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An association that counts more than 300 cab drivers of Armenian descent among its members has filed a lawsuit against the city of Santa Monica on Dec. 21 alleging violation of constitutional rights and civil code stemming from the city’s action in denying the group’s members permits to work in the city.
Two days later, Los Angeles County Judge Robert O’Brien granted the cab drivers a preliminary injunction that suspends the implementation of the franchise system – schedule to go in effect next week – until a preliminary hearing set for Jan. 7.
The preliminary injunction hearing was set for Jan. 7, said Tamar Arminak of the law firm Geragos and Geragos, which is representing the Taxi Drivers’ Association of Santa Monica.
In the 20-page complaint, the association explains that prior to the city’s recent adoption of a franchising system to limit the number of taxicabs in the city to 250, 35 of 44 taxicab companies operating in Santa Monica were Armenian-American owned and operated. With the franchise system in place, five of the 13 applications came from Armenian-American companies of the 44 companies filed franchise applications.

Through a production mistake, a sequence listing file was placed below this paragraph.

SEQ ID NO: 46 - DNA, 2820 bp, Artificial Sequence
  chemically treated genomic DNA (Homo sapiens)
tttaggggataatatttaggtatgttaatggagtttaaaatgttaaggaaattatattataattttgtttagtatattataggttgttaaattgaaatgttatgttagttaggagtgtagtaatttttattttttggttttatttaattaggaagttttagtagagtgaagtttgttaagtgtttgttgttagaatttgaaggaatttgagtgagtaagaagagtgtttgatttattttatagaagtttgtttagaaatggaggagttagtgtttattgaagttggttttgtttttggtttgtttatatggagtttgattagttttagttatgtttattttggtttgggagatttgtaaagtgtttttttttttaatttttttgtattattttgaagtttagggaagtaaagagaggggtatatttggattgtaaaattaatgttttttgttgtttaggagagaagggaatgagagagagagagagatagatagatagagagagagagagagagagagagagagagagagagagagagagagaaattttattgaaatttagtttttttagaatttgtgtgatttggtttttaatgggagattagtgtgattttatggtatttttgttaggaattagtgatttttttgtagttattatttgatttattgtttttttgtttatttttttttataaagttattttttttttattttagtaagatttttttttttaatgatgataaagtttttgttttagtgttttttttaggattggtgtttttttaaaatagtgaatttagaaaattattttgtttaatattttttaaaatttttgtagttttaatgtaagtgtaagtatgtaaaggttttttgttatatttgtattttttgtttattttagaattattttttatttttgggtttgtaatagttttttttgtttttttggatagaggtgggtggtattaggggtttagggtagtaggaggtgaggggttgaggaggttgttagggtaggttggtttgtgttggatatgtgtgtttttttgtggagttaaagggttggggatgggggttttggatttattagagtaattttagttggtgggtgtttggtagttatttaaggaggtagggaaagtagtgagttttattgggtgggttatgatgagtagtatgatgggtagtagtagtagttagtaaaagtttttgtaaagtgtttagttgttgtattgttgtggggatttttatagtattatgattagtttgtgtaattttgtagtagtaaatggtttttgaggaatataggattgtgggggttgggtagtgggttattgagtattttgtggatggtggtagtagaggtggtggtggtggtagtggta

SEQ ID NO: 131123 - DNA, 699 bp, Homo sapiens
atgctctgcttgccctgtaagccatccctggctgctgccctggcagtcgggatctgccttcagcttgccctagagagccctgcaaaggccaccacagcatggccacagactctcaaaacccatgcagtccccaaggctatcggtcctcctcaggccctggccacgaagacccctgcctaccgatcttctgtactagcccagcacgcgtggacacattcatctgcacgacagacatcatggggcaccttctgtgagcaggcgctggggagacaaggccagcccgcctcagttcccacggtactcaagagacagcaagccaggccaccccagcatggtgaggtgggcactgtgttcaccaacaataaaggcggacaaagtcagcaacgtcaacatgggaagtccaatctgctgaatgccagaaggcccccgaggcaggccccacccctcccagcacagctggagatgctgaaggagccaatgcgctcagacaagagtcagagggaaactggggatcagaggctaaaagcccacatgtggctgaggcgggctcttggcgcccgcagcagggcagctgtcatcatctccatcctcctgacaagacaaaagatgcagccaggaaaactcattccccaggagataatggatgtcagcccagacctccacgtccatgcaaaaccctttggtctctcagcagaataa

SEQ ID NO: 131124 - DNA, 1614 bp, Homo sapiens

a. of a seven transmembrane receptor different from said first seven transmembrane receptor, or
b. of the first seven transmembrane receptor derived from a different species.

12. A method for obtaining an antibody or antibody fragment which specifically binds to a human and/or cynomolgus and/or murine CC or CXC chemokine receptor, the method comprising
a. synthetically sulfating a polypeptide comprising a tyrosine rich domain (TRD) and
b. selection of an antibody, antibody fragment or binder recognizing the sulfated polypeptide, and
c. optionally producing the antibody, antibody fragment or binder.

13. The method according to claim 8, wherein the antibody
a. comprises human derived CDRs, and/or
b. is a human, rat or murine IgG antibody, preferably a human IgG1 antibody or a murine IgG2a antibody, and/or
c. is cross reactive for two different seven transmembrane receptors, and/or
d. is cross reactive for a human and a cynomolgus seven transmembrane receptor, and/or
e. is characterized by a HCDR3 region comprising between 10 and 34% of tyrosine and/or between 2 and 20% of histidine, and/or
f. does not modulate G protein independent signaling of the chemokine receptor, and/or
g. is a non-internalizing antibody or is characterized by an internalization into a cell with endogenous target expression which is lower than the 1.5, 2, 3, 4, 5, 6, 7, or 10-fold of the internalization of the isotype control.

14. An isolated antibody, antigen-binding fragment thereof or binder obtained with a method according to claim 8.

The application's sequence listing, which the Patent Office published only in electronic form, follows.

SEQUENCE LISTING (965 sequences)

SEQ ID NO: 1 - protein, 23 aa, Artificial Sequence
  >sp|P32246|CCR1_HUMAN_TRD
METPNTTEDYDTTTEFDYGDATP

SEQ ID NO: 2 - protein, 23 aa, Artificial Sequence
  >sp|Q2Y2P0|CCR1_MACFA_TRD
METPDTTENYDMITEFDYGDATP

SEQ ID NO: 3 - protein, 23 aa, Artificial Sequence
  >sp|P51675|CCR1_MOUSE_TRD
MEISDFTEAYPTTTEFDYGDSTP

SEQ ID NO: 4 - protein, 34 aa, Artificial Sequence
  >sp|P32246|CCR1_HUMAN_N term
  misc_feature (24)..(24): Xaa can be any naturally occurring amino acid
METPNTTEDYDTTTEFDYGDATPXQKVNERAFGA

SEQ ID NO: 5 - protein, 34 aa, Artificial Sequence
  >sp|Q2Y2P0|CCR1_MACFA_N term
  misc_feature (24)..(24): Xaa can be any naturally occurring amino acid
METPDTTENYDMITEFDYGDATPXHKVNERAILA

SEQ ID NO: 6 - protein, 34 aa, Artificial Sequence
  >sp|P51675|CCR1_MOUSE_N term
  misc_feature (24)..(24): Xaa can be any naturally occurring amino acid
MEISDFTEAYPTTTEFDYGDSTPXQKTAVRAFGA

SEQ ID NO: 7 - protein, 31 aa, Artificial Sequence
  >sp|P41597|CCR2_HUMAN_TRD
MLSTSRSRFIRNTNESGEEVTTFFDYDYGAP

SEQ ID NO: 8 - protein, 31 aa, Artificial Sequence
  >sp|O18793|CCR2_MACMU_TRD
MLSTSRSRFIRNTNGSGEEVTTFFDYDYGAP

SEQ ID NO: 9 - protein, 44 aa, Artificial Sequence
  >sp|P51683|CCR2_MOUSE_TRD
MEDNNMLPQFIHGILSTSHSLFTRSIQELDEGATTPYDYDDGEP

The main argument of the case is that the companies “effectively run out of the city” when Santa Monica officials announced in June that only five franchise licenses would be granted – and none of the companies selected from the 13 applications were Armenian-American owned or operated.
“Most of the Armenian taxi drivers updated their vehicles, updated their dispatch systems, hired legal counsel and effected other changes to their businesses in order to ensure that they would be granted licenses by the city,” according to the complaint.
Santa Monica City Attorney Marsha Jones Moutrie couldn’t be immediately reached for comment Wednesday evening.